The weather is harsh and gray, but inside the seed processing workshop at the Rollins Savanna Forest Preserve near Grayslake, the focus is on spring fields bursting with the color and variety of native plants.
A small, dedicated group of volunteers braved frigid temperatures on a recent afternoon to be here. Twice a week from early November until the job is done -- usually in February -- nature-loving volunteers painstakingly remove stems, leaves and chaff to access tiny treasures that will be sown to enhance the landscape throughout Lake County.
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"You put it there for others to enjoy. It will go on for generations and generations," explained Ann Kohler, a retired elementary school teacher who has been volunteering with the Lake County Forest Preserve District for about seven years.
"It's not for the here and now; it's for posterity," she said of the fruits of her labor.
Today, the priorities are prairie violet, a ballistic seeder that is new this year; nodding fescue, a type of grass; common woodrush, a grasslike plant; and willow aster. All are native varieties you won't find at the local home improvement store.
In a practice that occurs throughout the region, the seeds of native plants are collected and used for a variety of projects, such as restoring woodlands, transforming former farm fields to prairies, or enhancing existing natural areas.
"They're part of a big network doing this work," said Kayri Havens, director of plant science and conservation at the Chicago Botanic Garden.
Chicago Botanic is among six botanic gardens throughout the U.S. participating in "Seeds of Success," a national program with the U.S. Bureau of Land Management. As a member, Chicago Botanic collects and banks plant species from 12 Midwest states to be made available for restoration programs.
Havens explained the native habitat restoration is essential to providing ecosystem services, such as purifying the air, sequestering carbon and providing a habitat for wildlife. At about 75 years, the field is fairly young but evolving.
"I think it took biologists a while to recognize the damage done by invasive species," she said.
Whether starting from scratch or improving what's already there, the purpose is to return the land to historical conditions, said Jim Anderson, natural resource manager for the Lake County Forest Preserve District.
Collected primarily in the fall from the 5-acre native plant nursery at Rollins Savanna and the district's vast land holdings, the seeds of native grasses, wildflowers and other local plants are used in mixes to enhance or start new prairies, woodlands and wetlands.
Getting to that point requires several steps. This time of year, the thrust is on cleaning the seeds so ecologists who plan the restorations know how much of various species are available for different uses.
Removing the excess bulk to ready millions of native seeds is admittedly low-tech. Inventory is stored in paper bags. Workstations are cardboard trays, and volunteers pull handfuls of plant material from plastic sandwich bags to run through homemade wooden sifters.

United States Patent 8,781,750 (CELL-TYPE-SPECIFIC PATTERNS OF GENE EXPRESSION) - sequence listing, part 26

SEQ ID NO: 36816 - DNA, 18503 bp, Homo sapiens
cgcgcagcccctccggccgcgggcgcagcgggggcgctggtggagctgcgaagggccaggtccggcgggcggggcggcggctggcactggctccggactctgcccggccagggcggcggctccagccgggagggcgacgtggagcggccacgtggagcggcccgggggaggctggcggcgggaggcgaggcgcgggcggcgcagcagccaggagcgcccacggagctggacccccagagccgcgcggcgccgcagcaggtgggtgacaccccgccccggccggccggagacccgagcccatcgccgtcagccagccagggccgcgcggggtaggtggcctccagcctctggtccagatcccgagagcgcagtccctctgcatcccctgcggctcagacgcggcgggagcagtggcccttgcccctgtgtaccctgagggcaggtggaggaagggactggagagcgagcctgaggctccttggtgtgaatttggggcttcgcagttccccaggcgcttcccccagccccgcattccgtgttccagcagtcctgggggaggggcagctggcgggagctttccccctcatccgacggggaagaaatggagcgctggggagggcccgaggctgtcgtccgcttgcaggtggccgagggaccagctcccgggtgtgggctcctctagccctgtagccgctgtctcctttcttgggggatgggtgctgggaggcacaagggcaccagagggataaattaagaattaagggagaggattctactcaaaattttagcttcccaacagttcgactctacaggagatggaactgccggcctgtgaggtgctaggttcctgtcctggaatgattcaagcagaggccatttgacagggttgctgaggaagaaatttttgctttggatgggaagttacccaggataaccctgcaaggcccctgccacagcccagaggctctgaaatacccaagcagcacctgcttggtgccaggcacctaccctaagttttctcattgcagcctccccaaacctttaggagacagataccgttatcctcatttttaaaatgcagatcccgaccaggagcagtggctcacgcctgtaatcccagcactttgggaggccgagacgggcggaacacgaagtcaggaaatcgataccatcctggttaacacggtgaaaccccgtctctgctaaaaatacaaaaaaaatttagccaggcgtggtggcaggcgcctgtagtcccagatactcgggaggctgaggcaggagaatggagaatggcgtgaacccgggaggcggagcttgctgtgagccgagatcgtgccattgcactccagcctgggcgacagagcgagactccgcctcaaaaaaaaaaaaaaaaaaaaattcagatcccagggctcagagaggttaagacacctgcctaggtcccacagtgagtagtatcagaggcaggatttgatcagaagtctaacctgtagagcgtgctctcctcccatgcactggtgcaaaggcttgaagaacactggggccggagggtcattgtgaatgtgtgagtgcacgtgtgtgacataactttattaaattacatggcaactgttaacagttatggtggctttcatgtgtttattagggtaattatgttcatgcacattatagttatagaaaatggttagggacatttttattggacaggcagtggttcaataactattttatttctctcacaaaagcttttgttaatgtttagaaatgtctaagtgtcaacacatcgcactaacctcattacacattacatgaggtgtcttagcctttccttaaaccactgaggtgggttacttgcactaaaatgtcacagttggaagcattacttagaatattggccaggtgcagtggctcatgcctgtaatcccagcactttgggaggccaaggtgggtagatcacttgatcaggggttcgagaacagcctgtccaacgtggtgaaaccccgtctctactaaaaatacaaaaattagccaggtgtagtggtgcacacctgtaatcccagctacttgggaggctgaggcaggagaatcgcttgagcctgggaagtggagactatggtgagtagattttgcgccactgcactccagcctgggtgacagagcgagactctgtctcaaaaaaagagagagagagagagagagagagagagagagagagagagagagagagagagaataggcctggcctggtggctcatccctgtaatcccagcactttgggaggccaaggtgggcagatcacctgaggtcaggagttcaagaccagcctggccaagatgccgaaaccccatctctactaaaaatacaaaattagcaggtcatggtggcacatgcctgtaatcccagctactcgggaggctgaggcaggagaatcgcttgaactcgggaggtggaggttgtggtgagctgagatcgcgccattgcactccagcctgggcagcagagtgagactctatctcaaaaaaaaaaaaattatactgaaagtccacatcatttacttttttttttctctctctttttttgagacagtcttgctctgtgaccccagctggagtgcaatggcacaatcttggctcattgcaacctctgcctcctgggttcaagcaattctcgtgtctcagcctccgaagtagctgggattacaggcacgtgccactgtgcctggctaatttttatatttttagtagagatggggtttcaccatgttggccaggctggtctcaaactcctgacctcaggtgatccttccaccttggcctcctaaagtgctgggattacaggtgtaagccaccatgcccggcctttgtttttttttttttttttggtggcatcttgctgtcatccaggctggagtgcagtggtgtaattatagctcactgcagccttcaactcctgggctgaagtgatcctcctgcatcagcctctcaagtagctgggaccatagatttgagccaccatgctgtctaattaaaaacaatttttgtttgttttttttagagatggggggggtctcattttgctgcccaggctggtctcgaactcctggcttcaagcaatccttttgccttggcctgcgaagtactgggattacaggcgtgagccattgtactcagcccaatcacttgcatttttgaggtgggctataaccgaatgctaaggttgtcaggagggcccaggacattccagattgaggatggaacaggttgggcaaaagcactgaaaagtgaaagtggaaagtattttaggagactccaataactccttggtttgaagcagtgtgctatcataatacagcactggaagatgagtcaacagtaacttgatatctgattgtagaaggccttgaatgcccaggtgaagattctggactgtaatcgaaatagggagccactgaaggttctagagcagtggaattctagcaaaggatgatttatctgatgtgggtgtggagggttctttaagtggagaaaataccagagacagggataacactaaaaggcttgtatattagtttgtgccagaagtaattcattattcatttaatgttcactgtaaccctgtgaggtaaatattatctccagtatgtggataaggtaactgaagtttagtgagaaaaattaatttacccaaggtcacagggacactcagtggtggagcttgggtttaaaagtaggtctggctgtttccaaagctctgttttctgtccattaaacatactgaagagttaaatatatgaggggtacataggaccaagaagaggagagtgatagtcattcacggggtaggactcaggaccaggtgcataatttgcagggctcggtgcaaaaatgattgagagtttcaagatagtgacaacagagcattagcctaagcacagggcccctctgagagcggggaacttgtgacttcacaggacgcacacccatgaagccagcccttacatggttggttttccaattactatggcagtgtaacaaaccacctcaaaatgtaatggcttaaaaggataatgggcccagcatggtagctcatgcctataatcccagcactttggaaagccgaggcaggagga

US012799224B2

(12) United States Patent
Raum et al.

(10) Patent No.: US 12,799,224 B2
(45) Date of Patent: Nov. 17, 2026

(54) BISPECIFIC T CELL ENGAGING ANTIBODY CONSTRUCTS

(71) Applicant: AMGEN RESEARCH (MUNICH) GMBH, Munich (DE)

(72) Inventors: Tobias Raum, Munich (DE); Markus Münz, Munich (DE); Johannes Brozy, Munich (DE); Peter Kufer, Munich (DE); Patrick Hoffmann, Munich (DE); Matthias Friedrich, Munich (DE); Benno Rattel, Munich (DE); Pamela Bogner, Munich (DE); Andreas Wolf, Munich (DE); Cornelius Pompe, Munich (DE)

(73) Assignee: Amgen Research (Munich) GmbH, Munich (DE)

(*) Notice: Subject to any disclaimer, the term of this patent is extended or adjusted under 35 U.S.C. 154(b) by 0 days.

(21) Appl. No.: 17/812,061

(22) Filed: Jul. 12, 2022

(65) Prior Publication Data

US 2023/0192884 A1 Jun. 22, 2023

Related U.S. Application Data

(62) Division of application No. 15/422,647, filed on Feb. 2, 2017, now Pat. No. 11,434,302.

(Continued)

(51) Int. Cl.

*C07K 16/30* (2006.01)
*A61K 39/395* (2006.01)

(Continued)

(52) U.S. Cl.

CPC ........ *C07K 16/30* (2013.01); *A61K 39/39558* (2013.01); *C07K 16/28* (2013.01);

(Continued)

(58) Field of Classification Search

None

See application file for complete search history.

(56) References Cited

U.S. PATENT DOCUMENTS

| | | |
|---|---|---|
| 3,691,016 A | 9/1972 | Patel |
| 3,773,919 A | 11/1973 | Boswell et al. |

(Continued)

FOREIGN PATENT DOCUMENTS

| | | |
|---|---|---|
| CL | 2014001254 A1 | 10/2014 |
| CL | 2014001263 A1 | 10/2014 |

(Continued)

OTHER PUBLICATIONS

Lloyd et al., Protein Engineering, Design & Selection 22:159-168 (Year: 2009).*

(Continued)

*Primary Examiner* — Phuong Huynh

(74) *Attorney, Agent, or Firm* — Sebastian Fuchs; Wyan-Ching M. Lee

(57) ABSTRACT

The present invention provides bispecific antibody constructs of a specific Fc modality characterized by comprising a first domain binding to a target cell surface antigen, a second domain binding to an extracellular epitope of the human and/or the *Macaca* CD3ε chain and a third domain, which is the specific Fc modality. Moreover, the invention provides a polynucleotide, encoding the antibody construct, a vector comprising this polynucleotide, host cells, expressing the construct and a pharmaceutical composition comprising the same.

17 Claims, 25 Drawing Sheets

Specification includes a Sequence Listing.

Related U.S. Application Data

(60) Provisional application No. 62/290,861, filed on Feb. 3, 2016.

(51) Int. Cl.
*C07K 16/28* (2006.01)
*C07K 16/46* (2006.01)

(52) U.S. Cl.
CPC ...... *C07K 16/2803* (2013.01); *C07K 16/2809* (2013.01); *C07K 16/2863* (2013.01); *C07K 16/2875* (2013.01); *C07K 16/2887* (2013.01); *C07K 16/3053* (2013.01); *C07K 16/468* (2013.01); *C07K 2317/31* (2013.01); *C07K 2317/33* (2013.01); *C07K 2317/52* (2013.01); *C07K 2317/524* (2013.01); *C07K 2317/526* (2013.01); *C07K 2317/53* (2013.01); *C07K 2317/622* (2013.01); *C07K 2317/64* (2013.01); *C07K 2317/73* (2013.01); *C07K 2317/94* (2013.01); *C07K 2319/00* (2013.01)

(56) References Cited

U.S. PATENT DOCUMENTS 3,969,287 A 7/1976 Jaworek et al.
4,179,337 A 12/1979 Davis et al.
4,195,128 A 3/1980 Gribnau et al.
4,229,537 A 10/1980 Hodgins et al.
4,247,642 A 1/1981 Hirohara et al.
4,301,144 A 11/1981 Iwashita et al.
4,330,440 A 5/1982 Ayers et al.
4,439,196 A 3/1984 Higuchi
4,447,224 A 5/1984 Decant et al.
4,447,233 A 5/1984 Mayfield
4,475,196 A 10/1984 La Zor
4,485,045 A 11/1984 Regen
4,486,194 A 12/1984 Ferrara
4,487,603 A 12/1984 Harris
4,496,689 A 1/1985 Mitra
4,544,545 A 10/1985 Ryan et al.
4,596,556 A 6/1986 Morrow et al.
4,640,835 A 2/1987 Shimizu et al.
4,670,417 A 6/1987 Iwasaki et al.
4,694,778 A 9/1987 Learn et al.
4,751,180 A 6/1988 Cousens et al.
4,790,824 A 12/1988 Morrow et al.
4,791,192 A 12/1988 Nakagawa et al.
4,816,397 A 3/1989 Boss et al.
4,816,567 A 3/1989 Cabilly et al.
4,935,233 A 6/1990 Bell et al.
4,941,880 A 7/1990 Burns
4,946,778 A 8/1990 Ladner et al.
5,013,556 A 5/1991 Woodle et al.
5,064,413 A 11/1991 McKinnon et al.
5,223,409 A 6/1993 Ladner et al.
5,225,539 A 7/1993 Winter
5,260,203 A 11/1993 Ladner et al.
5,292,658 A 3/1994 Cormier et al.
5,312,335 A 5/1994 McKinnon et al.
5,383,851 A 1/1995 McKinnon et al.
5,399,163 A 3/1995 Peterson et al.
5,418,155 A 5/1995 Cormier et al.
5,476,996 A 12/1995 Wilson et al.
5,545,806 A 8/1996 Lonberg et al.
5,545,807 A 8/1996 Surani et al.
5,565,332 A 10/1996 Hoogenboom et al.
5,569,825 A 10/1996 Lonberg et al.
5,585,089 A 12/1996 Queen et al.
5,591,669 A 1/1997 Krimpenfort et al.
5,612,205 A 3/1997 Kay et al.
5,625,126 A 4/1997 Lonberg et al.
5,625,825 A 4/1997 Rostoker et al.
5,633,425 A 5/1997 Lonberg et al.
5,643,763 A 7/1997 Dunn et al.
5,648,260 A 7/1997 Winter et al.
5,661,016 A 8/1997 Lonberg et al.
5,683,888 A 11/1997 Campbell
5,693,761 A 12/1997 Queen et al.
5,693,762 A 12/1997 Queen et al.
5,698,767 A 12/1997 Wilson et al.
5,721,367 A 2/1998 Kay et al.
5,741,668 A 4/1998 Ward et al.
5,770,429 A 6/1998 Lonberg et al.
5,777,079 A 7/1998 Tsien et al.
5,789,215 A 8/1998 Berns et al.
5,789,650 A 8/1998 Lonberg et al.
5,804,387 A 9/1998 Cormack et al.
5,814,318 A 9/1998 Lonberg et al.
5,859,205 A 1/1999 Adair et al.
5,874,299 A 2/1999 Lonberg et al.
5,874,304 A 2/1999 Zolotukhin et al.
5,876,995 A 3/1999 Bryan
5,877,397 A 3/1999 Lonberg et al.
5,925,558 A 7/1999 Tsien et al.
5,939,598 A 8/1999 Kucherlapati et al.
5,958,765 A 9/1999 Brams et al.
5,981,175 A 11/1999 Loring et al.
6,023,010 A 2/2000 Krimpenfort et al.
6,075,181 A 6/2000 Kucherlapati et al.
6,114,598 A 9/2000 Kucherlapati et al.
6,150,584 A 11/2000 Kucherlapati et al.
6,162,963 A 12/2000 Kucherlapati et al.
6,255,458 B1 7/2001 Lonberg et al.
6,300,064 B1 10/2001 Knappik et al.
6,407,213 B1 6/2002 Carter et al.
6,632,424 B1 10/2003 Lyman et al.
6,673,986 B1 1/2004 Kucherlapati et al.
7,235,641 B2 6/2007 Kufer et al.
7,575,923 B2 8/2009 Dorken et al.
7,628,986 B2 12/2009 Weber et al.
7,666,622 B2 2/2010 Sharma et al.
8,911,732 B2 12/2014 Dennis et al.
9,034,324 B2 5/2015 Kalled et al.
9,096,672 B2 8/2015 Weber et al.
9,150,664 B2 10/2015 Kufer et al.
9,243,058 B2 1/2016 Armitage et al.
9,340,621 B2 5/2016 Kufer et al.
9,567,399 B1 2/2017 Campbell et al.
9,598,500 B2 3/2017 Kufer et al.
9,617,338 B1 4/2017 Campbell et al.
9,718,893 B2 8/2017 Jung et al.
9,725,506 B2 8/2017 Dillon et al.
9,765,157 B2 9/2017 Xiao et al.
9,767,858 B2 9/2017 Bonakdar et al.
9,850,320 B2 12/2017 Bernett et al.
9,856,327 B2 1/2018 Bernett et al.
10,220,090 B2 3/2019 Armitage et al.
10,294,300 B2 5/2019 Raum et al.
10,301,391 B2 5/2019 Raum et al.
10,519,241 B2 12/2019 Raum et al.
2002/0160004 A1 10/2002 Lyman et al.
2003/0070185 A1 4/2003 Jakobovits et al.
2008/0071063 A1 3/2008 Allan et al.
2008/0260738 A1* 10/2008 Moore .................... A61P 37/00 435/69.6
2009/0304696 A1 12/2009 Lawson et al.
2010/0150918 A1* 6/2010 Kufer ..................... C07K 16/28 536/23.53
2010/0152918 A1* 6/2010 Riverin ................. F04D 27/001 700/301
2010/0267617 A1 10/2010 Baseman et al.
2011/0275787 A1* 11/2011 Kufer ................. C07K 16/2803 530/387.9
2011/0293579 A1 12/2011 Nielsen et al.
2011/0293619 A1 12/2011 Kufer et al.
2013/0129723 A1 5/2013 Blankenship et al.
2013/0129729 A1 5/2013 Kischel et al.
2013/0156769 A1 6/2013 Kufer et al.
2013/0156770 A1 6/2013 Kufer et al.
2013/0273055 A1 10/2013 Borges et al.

A machine is needed to separate some of the seeds, but there are finishing touches, too.
Kelly Schultz gently shook and blew on the seed of a woodrush -- about the size of a grain of pepper -- to demonstrate how to isolate the seed for use. "It's slow, but it works," she said.
As coordinator and sole staff member of the forest preserve district native seed nursery, Schultz oversees a year-round operation and educational program that in 2012 produced 360 pounds of seed -- representing an estimated 500 million individual seeds -- from about 200 plant species.
Some seeds, such as the wild flower Lobelia, are so small it takes 900,000 of them to equal an ounce, she said. Others, like the wild yam or woodrush, are priceless, meaning they aren't sold commercially.
"You cannot buy these, so don't sneeze," she tells a visitor.
The nursery provides about one-third of the seed needed for restoration projects. The book is still out on the 2013 harvest, though it looks to be substantial.
"We had a really big harvest this year," according to Schultz. "We keep increasing the number of beds we have and the number of volunteers."
Part of the reason the district established the native seed nursery in 2005 -- and among its biggest contributions -- is to provide access to rare local plants that are too costly to buy or unavailable. There are 140 species in the native plant nursery and about 240 species throughout the forest preserves.
For example, Schultz said she was excited this year to collect yellow star grass seed, a delicate plant, whose tiny green pods get lost under much taller prairie vegetation. An ounce contains about 80,000 of the yellow star seeds.
Schultz said she also has been working with the Chicago Botanic Garden's Plants of Concern program, which focuses on rare, threatened and endangered species. The district successfully has grown about two dozen of those species and collected and sown seed from another dozen species, she said.
One example is the stalked water horehound, a wildflower that was found in a single forest preserve. It will be a good fit for a project to restore oak woodlands along the Des Plaines River in southern Lake County, she said.